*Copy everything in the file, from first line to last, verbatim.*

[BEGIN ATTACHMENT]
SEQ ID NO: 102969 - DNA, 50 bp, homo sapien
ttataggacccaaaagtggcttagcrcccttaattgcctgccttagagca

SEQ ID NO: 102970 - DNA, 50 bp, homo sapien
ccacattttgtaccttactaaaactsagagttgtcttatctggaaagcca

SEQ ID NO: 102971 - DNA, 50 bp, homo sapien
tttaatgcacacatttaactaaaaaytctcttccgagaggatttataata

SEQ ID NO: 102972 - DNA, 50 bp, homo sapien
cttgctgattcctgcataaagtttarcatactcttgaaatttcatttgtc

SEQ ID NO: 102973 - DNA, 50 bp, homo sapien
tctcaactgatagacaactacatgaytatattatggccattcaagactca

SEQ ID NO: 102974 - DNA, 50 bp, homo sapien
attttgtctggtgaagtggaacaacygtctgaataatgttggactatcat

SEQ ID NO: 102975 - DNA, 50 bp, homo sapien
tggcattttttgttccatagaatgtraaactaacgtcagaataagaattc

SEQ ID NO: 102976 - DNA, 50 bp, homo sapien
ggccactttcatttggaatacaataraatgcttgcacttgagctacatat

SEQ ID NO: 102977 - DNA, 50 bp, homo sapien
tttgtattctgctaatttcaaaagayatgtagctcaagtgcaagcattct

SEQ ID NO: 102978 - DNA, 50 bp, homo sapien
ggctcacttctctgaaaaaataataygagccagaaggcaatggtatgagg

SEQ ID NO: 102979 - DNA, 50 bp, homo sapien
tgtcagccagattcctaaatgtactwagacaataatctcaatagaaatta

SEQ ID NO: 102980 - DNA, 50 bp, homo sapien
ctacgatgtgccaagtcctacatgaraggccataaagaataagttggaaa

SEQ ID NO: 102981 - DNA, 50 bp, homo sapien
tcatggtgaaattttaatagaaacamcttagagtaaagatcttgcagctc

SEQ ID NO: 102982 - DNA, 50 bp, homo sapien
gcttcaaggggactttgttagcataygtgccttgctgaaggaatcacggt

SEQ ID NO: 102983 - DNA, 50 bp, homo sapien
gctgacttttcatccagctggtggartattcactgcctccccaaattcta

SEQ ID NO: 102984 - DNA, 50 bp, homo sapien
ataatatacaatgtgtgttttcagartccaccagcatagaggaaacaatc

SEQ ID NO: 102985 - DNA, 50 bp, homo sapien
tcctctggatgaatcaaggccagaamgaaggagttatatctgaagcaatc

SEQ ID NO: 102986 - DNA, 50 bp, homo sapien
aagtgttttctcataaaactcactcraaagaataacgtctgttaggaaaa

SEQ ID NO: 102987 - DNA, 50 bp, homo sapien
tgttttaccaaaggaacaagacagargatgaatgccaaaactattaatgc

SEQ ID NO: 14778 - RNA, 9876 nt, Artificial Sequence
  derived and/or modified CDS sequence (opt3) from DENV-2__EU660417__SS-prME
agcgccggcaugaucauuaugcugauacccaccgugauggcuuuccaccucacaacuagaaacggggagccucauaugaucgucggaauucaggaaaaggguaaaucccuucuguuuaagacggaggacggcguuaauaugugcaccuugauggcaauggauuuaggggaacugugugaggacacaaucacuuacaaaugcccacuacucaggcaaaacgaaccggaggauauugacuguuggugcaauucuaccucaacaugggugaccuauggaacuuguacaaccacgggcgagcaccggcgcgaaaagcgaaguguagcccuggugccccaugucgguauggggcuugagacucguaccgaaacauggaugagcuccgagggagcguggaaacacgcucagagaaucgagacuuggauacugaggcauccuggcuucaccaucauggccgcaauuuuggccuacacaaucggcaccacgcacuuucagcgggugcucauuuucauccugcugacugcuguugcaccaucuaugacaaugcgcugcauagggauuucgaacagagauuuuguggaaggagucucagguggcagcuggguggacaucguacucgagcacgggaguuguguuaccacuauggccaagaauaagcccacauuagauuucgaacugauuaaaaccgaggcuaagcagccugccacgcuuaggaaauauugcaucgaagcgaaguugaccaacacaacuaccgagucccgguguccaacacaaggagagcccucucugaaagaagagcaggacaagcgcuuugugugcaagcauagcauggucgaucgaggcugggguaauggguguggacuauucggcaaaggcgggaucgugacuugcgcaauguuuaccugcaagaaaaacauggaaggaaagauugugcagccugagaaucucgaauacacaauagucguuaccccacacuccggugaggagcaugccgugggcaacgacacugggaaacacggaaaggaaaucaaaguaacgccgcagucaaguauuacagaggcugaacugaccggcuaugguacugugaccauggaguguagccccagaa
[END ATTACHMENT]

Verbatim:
SEQ ID NO: 102969 - DNA, 50 bp, homo sapien
ttataggacccaaaagtggcttagcrcccttaattgcctgccttagagca

SEQ ID NO: 102970 - DNA, 50 bp, homo sapien
ccacattttgtaccttactaaaactsagagttgtcttatctggaaagcca

SEQ ID NO: 102971 - DNA, 50 bp, homo sapien
tttaatgcacacatttaactaaaaaytctcttccgagaggatttataata

SEQ ID NO: 102972 - DNA, 50 bp, homo sapien
cttgctgattcctgcataaagtttarcatactcttgaaatttcatttgtc

SEQ ID NO: 102973 - DNA, 50 bp, homo sapien
tctcaactgatagacaactacatgaytatattatggccattcaagactca

SEQ ID NO: 102974 - DNA, 50 bp, homo sapien
attttgtctggtgaagtggaacaacygtctgaataatgttggactatcat

SEQ ID NO: 102975 - DNA, 50 bp, homo sapien
tggcattttttgttccatagaatgtraaactaacgtcagaataagaattc

SEQ ID NO: 102976 - DNA, 50 bp, homo sapien
ggccactttcatttggaatacaataraatgcttgcacttgagctacatat

SEQ ID NO: 102977 - DNA, 50 bp, homo sapien
tttgtattctgctaatttcaaaagayatgtagctcaagtgcaagcattct

SEQ ID NO: 102978 - DNA, 50 bp, homo sapien
ggctcacttctctgaaaaaataataygagccagaaggcaatggtatgagg

SEQ ID NO: 102979 - DNA, 50 bp, homo sapien
tgtcagccagattcctaaatgtactwagacaataatctcaatagaaatta

SEQ ID NO: 102980 - DNA, 50 bp, homo sapien
ctacgatgtgccaagtcctacatgaraggccataaagaataagttggaaa

SEQ ID NO: 102981 - DNA, 50 bp, homo sapien
tcatggtgaaattttaatagaaacamcttagagtaaagatcttgcagctc

SEQ ID NO: 102982 - DNA, 50 bp, homo sapien
gcttcaaggggactttgttagcataygtgccttgctgaaggaatcacggt

SEQ ID NO: 102983 - DNA, 50 bp, homo sapien
gctgacttttcatccagctggtggartattcactgcctccccaaattcta

SEQ ID NO: 102984 - DNA, 50 bp, homo sapien
ataatatacaatgtgtgttttcagartccaccagcatagaggaaacaatc

SEQ ID NO: 102985 - DNA, 50 bp, homo sapien
tcctctggatgaatcaaggccagaamgaaggagttatatctgaagcaatc

SEQ ID NO: 102986 - DNA, 50 bp, homo sapien
aagtgttttctcataaaactcactcraaagaataacgtctgttaggaaaa

SEQ ID NO: 102987 - DNA, 50 bp, homo sapien
tgttttaccaaaggaacaagacagargatgaatgccaaaactattaatgc

SEQ ID NO: 14778 - RNA, 9876 nt, Artificial Sequence
  derived and/or modified CDS sequence (opt3) from DENV-2__EU660417__SS-prME
agcgccggcaugaucauuaugcugauacccaccgugauggcuuuccaccucacaacuagaaacggggagccucauaugaucgucggaauucaggaaaaggguaaaucccuucuguuuaagacggaggacggcguuaauaugugcaccuugauggcaauggauuuaggggaacugugugaggacacaaucacuuacaaaugcccacuacucaggcaaaacgaaccggaggauauugacuguuggugcaauucuaccucaacaugggugaccuauggaacuuguacaaccacgggcgagcaccggcgcgaaaagcgaaguguagcccuggugccccaugucgguauggggcuugagacucguaccgaaacauggaugagcuccgagggagcguggaaacacgcucagagaaucgagacuuggauacugaggcauccuggcuucaccaucauggccgcaauuuuggccuacacaaucggcaccacgcacuuucagcgggugcucauuuucauccugcugacugcuguugcaccaucuaugacaaugcgcugcauagggauuucgaacagagauuuuguggaaggagucucagguggcagcuggguggacaucguacucgagcacgggaguuguguuaccacuauggccaagaauaagcccacauuagauuucgaacugauuaaaaccgaggcuaagcagccugccacgcuuaggaaauauugcaucgaagcgaaguugaccaacacaacuaccgagucccgguguccaacacaaggagagcccucucugaaagaagagcaggacaagcgcuuugugugcaagcauagcauggucgaucgaggcugggguaauggguguggacuauucggcaaaggcgggaucgugacuugcgcaauguuuaccugcaagaaaaacauggaaggaaagauugugcagccugagaaucucgaauacacaauagucguuaccccacacuccggugaggagcaugccgugggcaacgacacugggaaacacggaaaggaaaucaaaguaacgccgcagucaaguauuacagaggcugaacugaccggcuaugguacugugaccauggaguguagccccagaa